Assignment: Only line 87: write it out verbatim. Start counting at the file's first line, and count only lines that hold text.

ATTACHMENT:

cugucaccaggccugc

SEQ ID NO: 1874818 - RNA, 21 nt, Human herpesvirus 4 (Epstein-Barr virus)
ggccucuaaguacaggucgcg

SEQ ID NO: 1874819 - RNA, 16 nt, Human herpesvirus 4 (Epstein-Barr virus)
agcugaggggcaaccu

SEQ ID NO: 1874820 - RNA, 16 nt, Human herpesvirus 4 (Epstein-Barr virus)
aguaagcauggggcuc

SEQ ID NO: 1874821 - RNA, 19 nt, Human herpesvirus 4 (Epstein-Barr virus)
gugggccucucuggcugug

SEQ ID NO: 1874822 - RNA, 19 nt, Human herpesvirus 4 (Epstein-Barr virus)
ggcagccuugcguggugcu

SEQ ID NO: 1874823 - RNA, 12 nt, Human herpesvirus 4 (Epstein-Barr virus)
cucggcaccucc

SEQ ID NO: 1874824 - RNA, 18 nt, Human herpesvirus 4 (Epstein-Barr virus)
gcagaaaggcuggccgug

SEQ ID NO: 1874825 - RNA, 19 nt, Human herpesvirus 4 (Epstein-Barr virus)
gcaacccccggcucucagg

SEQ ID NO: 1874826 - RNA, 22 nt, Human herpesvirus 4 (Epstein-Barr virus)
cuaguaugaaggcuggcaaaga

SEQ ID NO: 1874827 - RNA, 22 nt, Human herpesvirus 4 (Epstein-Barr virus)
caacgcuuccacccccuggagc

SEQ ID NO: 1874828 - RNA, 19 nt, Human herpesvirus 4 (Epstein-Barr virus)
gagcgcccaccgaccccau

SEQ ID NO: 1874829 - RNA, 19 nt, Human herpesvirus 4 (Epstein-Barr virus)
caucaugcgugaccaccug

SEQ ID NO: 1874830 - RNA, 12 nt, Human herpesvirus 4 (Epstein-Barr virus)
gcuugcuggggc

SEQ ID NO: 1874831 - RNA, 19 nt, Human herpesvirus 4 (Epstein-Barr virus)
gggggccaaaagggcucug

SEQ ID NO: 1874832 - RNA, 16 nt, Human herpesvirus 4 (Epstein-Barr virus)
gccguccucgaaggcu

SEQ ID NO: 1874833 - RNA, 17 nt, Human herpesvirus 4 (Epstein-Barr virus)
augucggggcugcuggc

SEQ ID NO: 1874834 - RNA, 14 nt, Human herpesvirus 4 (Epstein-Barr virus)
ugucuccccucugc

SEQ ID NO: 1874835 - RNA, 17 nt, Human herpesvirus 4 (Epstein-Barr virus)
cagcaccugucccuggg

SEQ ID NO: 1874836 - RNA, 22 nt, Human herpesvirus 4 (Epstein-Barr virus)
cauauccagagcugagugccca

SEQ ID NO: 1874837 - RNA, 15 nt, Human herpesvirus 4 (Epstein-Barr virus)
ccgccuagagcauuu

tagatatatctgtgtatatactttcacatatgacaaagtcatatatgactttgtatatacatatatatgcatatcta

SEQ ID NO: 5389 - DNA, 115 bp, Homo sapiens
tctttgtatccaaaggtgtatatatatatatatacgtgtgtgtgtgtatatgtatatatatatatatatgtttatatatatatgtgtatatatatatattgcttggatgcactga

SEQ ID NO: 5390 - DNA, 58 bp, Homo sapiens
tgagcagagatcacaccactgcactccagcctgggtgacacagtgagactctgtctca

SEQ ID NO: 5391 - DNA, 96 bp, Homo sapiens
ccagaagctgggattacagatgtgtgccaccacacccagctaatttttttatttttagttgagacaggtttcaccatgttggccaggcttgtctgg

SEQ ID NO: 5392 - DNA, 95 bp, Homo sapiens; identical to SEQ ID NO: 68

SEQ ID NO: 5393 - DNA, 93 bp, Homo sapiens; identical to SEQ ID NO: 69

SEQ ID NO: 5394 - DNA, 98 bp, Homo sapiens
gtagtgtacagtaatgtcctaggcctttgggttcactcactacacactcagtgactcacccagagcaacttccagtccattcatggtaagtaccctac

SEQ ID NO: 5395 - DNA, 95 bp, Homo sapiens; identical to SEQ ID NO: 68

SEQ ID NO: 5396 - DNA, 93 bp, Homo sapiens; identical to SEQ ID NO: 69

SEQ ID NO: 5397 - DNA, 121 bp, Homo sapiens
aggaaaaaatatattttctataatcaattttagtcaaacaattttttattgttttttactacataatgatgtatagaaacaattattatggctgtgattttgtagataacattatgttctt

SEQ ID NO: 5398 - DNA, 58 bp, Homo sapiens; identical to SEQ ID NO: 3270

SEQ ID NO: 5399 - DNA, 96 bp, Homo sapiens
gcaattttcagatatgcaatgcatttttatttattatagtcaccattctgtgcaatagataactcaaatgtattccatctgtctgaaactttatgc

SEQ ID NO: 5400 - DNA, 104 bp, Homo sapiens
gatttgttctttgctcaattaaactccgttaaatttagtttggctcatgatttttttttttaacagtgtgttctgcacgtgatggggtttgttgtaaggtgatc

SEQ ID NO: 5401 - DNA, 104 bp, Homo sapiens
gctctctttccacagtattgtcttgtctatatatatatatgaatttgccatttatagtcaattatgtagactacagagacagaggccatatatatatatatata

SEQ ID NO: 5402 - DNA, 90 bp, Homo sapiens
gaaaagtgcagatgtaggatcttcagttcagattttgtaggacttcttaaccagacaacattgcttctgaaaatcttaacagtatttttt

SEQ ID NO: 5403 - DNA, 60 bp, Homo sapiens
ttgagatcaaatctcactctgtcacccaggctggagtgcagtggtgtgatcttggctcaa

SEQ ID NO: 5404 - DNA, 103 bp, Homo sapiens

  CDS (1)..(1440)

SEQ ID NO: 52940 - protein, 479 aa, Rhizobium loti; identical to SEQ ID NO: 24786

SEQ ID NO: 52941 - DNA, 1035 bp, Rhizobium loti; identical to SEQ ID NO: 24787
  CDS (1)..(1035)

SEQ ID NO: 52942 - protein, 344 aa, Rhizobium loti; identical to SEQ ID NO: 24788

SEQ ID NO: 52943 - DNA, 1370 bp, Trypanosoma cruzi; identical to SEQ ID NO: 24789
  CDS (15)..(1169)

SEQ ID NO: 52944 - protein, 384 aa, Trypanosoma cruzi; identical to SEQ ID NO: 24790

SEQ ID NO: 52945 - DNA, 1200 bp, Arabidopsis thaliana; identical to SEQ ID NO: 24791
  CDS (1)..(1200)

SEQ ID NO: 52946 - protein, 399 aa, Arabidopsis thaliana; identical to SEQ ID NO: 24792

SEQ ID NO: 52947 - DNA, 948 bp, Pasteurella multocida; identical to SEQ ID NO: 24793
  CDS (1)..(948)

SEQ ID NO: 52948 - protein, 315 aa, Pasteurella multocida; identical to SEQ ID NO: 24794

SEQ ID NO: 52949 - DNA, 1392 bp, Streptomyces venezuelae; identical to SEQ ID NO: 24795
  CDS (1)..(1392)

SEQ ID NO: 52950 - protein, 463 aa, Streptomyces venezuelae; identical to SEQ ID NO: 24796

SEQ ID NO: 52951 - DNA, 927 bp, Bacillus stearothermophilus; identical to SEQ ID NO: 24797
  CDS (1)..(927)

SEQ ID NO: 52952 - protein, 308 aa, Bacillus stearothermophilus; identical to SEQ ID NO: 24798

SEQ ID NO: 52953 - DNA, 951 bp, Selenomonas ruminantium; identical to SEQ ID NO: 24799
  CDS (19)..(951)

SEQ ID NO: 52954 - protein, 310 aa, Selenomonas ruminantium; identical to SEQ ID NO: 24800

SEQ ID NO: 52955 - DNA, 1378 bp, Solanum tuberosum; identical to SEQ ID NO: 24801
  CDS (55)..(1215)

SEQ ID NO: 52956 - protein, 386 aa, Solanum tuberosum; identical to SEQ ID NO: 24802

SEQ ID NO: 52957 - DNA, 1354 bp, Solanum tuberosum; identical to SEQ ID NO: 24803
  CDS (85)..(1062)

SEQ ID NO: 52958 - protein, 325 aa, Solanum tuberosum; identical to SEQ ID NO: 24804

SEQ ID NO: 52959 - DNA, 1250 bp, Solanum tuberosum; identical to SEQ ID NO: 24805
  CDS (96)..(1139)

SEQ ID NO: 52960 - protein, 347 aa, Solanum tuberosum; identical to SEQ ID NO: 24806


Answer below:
  CDS (1)..(927)